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Iran nuclear talks: Why all sides kept positive

The talks Saturday between Iran and six major powers featured the most positive atmosphere in nearly a decade. 

Negotiators from Iran and world powers meet in Istanbul for a round of nuclear talks described as 'constructive.'

Tolga Adanali/Reuters

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In the forlorn panoply of Iran's nuclear negotiations with world powers over the years, the positive atmosphere that prevailed during Saturday talks in Istanbul was the best in nearly a decade.

The purpose of these talks – coming after a 15-month hiatus since the failed meeting in January 2011 – was limited to testing Iran's willingness to seriously engage over a nuclear program that has prompted an international crisis.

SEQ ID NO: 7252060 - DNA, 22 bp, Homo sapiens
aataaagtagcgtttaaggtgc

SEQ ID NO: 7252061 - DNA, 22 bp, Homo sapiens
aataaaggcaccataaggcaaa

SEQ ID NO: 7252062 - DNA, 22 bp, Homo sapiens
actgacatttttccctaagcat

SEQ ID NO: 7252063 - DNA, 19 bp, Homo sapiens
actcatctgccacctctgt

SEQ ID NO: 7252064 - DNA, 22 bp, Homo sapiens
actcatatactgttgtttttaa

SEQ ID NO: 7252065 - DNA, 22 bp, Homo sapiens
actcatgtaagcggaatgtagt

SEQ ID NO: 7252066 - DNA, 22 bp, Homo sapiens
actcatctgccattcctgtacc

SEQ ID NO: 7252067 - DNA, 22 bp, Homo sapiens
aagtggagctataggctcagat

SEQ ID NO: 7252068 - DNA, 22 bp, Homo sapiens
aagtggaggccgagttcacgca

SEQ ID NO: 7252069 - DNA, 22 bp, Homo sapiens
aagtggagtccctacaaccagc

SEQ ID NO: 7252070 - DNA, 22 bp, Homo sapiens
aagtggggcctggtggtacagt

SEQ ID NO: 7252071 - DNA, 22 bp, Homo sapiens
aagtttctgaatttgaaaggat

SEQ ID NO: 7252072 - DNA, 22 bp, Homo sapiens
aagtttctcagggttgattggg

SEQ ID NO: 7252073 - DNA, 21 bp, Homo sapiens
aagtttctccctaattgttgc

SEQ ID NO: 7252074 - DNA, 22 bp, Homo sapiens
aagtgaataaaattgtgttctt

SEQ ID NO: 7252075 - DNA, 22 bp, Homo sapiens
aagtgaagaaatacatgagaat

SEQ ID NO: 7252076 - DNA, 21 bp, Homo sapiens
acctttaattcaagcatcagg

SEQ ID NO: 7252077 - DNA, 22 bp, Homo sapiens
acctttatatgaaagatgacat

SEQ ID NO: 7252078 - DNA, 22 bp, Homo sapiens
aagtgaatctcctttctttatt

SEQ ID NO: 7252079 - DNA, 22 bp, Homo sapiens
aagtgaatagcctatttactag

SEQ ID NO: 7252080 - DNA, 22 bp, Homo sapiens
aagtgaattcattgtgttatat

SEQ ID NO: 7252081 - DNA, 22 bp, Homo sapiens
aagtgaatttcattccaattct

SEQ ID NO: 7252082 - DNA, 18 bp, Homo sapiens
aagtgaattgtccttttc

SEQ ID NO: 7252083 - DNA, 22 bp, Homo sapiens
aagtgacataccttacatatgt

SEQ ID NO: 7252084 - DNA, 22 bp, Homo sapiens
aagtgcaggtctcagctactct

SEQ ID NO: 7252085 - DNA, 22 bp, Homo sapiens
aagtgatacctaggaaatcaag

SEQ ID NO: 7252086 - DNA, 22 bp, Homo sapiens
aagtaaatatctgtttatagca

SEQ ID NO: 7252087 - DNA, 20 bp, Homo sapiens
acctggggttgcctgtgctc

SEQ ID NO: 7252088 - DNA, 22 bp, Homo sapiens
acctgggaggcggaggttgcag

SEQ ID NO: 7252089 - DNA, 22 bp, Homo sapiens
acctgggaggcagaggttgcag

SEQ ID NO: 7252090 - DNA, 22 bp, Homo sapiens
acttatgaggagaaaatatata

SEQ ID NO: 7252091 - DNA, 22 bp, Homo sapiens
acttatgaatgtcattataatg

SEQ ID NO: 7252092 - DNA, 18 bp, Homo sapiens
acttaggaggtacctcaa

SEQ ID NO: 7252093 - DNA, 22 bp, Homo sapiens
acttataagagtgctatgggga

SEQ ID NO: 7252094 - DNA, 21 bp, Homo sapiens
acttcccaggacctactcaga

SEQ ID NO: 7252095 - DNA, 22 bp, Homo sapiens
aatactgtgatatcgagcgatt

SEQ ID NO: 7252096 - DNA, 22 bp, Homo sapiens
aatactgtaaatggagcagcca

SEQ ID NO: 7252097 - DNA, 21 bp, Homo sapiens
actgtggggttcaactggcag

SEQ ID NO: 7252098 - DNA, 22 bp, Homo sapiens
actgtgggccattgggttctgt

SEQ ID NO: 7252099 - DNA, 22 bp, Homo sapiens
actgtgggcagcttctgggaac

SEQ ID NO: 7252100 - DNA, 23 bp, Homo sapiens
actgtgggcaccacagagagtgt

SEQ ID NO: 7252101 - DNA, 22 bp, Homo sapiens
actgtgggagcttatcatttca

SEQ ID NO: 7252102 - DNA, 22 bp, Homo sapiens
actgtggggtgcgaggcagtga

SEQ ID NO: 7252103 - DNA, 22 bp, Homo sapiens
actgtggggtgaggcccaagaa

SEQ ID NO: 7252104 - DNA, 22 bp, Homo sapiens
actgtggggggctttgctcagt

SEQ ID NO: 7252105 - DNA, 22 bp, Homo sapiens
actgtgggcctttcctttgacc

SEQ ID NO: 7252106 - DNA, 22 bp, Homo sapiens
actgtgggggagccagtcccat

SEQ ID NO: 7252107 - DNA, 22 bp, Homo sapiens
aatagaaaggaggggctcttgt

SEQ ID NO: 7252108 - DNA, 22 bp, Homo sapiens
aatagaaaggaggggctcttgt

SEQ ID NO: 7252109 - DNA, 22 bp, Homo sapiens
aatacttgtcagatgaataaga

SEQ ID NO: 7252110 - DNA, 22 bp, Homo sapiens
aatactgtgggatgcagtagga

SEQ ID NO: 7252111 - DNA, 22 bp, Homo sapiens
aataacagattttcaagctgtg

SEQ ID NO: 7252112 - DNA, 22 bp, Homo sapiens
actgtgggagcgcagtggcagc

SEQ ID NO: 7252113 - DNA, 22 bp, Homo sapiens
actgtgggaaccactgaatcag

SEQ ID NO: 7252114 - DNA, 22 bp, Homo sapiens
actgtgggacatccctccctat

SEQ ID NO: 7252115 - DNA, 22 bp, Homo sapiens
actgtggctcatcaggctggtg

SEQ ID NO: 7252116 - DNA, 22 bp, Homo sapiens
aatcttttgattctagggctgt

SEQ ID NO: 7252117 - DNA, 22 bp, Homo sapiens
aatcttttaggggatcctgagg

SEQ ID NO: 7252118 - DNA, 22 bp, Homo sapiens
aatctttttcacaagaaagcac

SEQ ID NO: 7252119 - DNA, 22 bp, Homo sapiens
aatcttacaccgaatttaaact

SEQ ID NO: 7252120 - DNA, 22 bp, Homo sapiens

Both sides have reason to engage: Iran is feeling the pressure of increasingly Draconian sanctions that are damaging its economy, and wants to have them removed while easing the chances of an Israeli or American military strike.

And the so-called P5+1 (the United States, Russia, China, England, France, and Germany) represented by EU foreign policy chief Catherine Ashton, want to test Iran's own declarations rejecting nuclear weapons as a "sin," want limits on Iran's nuclear work and intrusive inspections, and to avoid a catastrophic war.

The result was 10 hours of intensive talks, in which all sides were determined to ensure a second round to discuss real details, now set for May 23 in Baghdad.


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